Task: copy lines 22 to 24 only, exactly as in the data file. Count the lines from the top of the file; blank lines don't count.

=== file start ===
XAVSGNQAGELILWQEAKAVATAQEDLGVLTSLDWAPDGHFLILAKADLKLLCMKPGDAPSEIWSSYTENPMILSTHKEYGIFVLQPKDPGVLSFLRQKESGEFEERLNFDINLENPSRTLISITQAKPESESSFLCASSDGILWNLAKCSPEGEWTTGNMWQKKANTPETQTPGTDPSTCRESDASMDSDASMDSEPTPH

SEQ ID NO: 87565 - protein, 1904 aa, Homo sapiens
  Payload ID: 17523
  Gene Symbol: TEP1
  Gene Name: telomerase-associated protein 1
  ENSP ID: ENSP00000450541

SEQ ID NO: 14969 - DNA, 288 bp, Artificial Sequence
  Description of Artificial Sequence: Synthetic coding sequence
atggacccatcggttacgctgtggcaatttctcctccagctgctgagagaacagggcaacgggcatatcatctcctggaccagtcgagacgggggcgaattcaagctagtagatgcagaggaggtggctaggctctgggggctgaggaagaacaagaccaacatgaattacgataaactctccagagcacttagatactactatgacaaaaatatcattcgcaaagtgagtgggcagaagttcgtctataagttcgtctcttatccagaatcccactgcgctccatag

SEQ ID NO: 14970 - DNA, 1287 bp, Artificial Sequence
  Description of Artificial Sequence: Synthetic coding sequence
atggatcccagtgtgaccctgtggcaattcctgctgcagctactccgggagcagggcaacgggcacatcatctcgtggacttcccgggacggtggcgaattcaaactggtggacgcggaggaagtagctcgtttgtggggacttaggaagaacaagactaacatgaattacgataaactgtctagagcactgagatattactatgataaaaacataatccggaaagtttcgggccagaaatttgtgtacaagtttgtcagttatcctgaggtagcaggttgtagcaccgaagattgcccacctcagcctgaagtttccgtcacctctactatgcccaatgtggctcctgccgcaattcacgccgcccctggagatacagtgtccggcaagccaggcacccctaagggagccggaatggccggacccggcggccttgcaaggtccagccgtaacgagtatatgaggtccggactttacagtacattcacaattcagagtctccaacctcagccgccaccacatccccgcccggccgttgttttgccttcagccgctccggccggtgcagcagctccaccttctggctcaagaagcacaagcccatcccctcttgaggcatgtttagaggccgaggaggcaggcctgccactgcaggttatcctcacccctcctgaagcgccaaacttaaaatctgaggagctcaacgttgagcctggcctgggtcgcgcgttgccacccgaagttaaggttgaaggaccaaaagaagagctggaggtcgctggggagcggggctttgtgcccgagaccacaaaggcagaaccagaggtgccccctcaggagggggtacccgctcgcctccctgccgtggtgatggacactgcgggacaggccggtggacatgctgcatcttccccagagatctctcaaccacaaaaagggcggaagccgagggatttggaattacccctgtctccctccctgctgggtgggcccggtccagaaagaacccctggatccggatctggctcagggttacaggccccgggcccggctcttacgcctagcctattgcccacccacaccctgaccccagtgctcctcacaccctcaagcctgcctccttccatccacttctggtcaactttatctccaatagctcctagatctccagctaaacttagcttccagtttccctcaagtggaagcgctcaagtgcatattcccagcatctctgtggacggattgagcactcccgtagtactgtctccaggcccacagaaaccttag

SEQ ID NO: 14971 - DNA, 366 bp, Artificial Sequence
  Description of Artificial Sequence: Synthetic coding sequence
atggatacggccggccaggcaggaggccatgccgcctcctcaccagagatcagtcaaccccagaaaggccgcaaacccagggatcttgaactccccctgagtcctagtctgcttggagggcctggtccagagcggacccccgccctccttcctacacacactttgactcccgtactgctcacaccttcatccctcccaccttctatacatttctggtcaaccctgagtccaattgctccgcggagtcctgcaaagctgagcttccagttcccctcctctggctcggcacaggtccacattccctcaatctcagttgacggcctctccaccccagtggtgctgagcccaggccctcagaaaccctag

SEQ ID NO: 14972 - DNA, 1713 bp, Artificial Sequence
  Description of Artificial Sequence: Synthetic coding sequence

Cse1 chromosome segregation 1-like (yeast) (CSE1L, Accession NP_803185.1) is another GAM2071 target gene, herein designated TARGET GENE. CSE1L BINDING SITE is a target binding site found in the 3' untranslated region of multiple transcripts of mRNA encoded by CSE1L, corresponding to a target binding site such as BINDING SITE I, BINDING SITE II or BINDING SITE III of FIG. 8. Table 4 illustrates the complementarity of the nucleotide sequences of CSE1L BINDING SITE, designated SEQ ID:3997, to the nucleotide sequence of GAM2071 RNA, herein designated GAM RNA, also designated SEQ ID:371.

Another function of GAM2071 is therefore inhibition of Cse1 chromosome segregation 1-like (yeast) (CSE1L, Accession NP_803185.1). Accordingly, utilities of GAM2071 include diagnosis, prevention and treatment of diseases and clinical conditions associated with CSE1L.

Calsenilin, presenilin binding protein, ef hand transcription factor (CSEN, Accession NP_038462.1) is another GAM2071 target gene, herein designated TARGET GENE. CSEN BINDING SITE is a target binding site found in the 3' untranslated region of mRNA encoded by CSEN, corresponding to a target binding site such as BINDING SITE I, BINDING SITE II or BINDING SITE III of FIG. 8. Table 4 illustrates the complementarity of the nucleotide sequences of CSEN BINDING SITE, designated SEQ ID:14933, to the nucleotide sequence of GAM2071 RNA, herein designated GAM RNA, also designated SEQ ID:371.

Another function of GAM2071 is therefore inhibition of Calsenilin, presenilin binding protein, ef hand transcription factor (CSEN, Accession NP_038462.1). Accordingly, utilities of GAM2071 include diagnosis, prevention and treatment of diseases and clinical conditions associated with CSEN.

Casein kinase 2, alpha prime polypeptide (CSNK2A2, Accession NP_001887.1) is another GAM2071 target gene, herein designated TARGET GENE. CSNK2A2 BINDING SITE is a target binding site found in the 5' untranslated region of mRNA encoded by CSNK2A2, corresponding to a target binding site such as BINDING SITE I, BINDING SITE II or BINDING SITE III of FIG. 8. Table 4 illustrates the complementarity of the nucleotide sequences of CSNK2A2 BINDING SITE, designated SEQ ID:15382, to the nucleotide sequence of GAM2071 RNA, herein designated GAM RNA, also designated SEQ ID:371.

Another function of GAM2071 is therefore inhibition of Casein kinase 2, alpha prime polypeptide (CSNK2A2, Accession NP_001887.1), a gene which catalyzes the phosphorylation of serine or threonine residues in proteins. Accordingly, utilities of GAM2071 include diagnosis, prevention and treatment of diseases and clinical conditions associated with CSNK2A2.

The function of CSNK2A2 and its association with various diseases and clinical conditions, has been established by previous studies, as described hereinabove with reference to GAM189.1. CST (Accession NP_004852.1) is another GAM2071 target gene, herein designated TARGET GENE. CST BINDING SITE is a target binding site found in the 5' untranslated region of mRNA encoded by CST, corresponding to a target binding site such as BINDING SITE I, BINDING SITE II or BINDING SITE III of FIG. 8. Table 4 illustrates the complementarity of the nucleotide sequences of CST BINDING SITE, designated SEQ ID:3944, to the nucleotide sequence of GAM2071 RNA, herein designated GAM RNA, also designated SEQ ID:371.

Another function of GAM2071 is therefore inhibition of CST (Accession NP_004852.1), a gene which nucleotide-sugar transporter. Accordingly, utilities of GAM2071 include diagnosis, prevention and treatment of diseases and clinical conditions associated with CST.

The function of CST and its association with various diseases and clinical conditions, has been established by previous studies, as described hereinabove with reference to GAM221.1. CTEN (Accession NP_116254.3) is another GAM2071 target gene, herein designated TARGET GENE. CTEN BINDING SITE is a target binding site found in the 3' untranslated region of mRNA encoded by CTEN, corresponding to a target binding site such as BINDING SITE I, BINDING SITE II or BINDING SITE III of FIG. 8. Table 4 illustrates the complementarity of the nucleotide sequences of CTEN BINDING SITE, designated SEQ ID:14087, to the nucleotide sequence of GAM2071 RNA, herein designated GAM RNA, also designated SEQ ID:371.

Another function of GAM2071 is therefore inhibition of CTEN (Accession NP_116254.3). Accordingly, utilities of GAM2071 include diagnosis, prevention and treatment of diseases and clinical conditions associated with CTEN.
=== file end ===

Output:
Casein kinase 2, alpha prime polypeptide (CSNK2A2, Accession NP_001887.1) is another GAM2071 target gene, herein designated TARGET GENE. CSNK2A2 BINDING SITE is a target binding site found in the 5' untranslated region of mRNA encoded by CSNK2A2, corresponding to a target binding site such as BINDING SITE I, BINDING SITE II or BINDING SITE III of FIG. 8. Table 4 illustrates the complementarity of the nucleotide sequences of CSNK2A2 BINDING SITE, designated SEQ ID:15382, to the nucleotide sequence of GAM2071 RNA, herein designated GAM RNA, also designated SEQ ID:371.

Another function of GAM2071 is therefore inhibition of Casein kinase 2, alpha prime polypeptide (CSNK2A2, Accession NP_001887.1), a gene which catalyzes the phosphorylation of serine or threonine residues in proteins. Accordingly, utilities of GAM2071 include diagnosis, prevention and treatment of diseases and clinical conditions associated with CSNK2A2.

The function of CSNK2A2 and its association with various diseases and clinical conditions, has been established by previous studies, as described hereinabove with reference to GAM189.1. CST (Accession NP_004852.1) is another GAM2071 target gene, herein designated TARGET GENE. CST BINDING SITE is a target binding site found in the 5' untranslated region of mRNA encoded by CST, corresponding to a target binding site such as BINDING SITE I, BINDING SITE II or BINDING SITE III of FIG. 8. Table 4 illustrates the complementarity of the nucleotide sequences of CST BINDING SITE, designated SEQ ID:3944, to the nucleotide sequence of GAM2071 RNA, herein designated GAM RNA, also designated SEQ ID:371.